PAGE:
• 53. N220 N217 Want to reach our 29,000 members? N205 tel: 020 7450 2341 or email: advertising@cot.co.uk March 2010 53 Recruitment.indd 53 23/02/2010 10:03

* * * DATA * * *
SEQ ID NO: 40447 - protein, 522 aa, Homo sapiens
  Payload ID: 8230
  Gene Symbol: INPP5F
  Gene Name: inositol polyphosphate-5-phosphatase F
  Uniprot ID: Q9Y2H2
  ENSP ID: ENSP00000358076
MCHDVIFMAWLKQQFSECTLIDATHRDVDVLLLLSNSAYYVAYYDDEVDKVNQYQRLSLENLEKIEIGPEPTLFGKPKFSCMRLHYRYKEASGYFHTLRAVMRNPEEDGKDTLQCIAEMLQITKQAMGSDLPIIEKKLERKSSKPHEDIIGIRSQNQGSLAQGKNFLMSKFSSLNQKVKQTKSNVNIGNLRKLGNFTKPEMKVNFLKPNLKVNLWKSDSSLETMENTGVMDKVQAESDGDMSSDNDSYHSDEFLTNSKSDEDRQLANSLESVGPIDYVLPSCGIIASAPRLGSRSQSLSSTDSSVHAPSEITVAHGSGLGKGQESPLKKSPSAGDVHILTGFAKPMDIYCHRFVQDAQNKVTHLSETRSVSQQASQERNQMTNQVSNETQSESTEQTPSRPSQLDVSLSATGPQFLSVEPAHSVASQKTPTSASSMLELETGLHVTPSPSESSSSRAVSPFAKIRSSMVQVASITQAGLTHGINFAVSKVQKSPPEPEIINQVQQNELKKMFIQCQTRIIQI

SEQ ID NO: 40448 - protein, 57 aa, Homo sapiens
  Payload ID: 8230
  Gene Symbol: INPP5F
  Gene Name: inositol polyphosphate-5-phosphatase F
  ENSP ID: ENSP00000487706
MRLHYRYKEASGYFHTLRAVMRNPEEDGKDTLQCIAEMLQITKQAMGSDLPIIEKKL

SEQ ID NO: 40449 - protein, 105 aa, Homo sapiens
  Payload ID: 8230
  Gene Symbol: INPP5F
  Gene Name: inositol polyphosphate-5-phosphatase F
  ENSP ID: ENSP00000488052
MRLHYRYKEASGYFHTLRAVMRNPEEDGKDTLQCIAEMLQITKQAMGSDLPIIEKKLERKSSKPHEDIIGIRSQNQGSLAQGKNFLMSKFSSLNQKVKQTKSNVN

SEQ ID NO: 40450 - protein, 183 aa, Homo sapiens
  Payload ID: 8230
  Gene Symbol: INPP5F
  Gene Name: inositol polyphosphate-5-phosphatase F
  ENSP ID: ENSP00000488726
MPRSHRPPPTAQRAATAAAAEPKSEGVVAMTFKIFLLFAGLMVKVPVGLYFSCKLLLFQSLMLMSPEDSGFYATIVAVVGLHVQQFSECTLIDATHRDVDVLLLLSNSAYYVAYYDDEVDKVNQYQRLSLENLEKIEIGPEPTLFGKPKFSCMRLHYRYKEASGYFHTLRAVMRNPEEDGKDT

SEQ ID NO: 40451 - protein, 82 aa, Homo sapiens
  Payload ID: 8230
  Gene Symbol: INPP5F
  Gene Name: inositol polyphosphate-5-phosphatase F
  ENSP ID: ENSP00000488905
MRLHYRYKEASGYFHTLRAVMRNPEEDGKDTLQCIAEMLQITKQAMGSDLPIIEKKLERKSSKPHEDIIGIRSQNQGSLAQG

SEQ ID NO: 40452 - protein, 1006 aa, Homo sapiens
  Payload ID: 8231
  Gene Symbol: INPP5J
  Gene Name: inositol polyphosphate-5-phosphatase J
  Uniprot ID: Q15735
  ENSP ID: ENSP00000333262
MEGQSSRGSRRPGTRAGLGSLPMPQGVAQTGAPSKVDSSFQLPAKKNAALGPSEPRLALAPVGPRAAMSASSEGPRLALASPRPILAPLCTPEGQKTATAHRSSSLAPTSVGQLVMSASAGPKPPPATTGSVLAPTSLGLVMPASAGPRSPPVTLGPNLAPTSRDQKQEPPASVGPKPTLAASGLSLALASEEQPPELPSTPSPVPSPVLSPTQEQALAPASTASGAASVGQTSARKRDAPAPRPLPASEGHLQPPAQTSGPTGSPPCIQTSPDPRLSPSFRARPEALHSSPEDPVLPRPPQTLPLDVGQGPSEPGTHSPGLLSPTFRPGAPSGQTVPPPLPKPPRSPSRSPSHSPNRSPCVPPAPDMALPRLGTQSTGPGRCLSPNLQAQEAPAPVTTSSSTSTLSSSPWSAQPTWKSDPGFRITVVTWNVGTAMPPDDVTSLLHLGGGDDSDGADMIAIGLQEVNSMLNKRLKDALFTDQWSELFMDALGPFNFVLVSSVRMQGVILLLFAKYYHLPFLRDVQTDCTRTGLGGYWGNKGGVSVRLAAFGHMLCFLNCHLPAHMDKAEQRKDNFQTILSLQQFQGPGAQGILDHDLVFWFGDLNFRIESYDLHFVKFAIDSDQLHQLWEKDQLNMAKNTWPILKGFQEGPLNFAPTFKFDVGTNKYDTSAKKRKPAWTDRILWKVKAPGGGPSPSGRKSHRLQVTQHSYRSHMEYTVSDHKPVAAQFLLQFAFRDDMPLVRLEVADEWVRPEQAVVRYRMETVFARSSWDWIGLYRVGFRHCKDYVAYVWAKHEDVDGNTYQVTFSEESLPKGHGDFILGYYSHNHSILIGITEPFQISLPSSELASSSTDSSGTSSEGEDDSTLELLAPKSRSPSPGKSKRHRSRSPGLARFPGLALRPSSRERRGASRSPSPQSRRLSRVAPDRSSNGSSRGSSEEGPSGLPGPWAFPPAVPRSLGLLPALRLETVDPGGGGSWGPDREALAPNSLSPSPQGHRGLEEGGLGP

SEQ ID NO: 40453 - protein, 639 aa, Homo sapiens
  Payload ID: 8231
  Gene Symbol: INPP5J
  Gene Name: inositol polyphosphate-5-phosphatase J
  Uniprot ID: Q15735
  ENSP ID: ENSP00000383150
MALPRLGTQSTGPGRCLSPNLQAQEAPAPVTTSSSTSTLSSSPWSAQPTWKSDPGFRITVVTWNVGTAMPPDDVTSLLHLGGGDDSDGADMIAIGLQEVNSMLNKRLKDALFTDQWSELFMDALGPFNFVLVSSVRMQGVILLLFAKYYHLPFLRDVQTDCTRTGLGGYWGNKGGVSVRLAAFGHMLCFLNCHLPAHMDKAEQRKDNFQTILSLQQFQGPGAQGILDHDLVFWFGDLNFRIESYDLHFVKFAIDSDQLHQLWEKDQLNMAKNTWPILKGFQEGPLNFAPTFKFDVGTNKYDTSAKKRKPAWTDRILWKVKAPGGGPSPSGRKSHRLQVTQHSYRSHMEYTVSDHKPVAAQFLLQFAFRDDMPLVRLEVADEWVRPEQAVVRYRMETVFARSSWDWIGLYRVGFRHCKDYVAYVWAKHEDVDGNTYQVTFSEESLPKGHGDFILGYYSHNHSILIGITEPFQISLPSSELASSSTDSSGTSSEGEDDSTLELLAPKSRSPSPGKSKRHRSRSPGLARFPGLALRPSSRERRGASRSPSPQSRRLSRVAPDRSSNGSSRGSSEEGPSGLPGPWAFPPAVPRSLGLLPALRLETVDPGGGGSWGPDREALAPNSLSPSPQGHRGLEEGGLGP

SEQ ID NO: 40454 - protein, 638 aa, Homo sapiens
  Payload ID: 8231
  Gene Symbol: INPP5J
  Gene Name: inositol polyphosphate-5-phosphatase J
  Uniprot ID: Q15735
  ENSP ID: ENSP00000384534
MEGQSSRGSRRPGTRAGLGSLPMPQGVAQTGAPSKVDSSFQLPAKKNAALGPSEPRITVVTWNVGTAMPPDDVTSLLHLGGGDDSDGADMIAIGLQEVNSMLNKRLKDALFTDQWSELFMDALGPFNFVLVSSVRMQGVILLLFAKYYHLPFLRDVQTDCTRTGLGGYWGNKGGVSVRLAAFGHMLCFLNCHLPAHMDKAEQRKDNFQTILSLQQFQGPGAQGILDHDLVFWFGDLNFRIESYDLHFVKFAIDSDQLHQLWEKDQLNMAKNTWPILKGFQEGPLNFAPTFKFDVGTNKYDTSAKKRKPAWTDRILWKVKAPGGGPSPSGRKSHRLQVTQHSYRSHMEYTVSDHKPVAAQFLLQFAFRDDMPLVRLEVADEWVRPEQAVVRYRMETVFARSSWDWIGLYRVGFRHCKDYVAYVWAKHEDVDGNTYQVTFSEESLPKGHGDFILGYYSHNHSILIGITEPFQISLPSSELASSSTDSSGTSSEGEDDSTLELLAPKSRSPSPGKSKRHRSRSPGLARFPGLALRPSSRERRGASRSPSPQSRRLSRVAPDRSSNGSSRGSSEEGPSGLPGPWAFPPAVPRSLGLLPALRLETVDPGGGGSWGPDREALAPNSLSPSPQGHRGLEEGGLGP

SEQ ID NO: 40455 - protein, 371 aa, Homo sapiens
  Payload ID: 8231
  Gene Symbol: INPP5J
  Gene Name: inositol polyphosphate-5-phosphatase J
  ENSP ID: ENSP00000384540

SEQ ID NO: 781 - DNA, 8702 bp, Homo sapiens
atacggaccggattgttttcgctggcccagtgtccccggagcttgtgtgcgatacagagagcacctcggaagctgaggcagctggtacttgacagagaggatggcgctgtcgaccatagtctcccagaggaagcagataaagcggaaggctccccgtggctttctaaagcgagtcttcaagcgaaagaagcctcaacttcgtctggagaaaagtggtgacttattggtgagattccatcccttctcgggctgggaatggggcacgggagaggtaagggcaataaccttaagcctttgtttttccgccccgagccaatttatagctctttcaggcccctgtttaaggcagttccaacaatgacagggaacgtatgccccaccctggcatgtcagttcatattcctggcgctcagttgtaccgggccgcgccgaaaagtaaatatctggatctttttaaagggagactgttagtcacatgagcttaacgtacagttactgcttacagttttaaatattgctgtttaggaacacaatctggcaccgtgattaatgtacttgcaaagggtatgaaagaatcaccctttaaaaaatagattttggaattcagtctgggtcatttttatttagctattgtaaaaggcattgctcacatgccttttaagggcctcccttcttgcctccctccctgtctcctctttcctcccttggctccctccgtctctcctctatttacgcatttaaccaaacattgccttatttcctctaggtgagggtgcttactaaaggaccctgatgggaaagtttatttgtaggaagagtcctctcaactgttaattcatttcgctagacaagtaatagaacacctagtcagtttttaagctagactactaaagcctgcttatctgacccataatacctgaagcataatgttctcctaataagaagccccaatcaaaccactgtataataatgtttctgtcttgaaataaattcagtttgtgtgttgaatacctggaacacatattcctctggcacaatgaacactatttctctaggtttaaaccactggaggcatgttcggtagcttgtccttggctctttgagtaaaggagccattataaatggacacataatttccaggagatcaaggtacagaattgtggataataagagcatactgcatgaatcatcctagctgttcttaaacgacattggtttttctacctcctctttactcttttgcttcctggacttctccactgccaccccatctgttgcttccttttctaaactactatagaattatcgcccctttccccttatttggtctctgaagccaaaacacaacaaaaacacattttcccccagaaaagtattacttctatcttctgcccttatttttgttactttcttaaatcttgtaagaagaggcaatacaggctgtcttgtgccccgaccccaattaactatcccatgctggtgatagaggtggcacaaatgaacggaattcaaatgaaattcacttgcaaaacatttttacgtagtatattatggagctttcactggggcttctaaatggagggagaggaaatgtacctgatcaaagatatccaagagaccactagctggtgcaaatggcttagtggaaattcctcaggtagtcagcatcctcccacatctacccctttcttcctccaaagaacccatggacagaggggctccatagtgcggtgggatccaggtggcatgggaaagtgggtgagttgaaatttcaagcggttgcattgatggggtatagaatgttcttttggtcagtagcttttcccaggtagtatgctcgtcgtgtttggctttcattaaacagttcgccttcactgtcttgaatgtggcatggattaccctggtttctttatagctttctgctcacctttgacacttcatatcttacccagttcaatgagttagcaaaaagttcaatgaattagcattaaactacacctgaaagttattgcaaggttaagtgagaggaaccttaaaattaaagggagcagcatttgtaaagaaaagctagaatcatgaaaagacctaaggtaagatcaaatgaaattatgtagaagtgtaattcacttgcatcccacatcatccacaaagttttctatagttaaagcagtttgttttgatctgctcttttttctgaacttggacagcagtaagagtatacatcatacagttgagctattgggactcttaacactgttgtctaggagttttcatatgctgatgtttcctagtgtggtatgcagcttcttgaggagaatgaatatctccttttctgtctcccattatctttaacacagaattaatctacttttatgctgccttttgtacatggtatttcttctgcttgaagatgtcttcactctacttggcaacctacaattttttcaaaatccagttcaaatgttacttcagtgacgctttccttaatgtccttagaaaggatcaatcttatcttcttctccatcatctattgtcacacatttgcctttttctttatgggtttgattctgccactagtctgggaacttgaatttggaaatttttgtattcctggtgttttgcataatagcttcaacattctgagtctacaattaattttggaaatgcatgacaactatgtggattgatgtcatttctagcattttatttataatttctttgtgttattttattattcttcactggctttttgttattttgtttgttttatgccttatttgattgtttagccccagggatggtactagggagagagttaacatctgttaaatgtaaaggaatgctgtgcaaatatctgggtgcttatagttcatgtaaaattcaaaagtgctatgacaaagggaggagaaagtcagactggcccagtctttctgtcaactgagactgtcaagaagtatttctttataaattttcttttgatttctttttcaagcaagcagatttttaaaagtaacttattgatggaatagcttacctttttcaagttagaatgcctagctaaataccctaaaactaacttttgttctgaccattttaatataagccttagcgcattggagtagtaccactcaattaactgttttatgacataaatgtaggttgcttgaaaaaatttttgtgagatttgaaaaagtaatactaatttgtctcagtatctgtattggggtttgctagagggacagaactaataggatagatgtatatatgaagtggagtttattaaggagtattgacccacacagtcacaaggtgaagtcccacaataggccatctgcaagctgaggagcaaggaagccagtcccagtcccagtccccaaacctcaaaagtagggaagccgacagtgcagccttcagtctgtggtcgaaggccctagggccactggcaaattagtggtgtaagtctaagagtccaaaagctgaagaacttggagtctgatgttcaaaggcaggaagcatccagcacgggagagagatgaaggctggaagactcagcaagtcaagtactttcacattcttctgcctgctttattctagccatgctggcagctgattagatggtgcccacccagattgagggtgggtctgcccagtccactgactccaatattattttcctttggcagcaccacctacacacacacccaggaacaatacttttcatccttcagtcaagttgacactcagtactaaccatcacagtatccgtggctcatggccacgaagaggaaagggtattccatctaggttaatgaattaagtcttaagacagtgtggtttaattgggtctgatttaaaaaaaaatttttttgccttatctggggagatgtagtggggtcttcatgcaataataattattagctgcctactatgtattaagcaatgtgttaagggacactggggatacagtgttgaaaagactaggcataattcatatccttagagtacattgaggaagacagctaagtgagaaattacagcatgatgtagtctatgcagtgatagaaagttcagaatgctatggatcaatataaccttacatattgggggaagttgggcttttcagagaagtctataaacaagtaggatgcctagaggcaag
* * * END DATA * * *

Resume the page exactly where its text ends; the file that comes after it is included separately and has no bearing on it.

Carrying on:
• 54. N228 N229 Don’t throw your money down the drain! BJOT and OTN offer you exceptional Subscription value for money, giving you the biggest coverage to enquiries? 28,000 Occupational Therapists Contact the Membership in the UK. Department 020 7450 2348 Along with recruitment in the magazines we also provide you with FREE online advertising Easy online ordering N210 to provide you with the best selection of candidates. WHY USE ANYTHING ELSE? www www.nrs-uk.co.uk New On-line Catalogue Available NOW N206 Over 3500 Aids for Daily Living O OT Product Advisory Service 48 Hour Delivery * Tel: 0845 121 8111 T * *Standard delivery time for stocked items email: customerservice@nrs-uk.co.uk custom 54 March 2010 Recruitment.indd 54 23/02/2010 11:29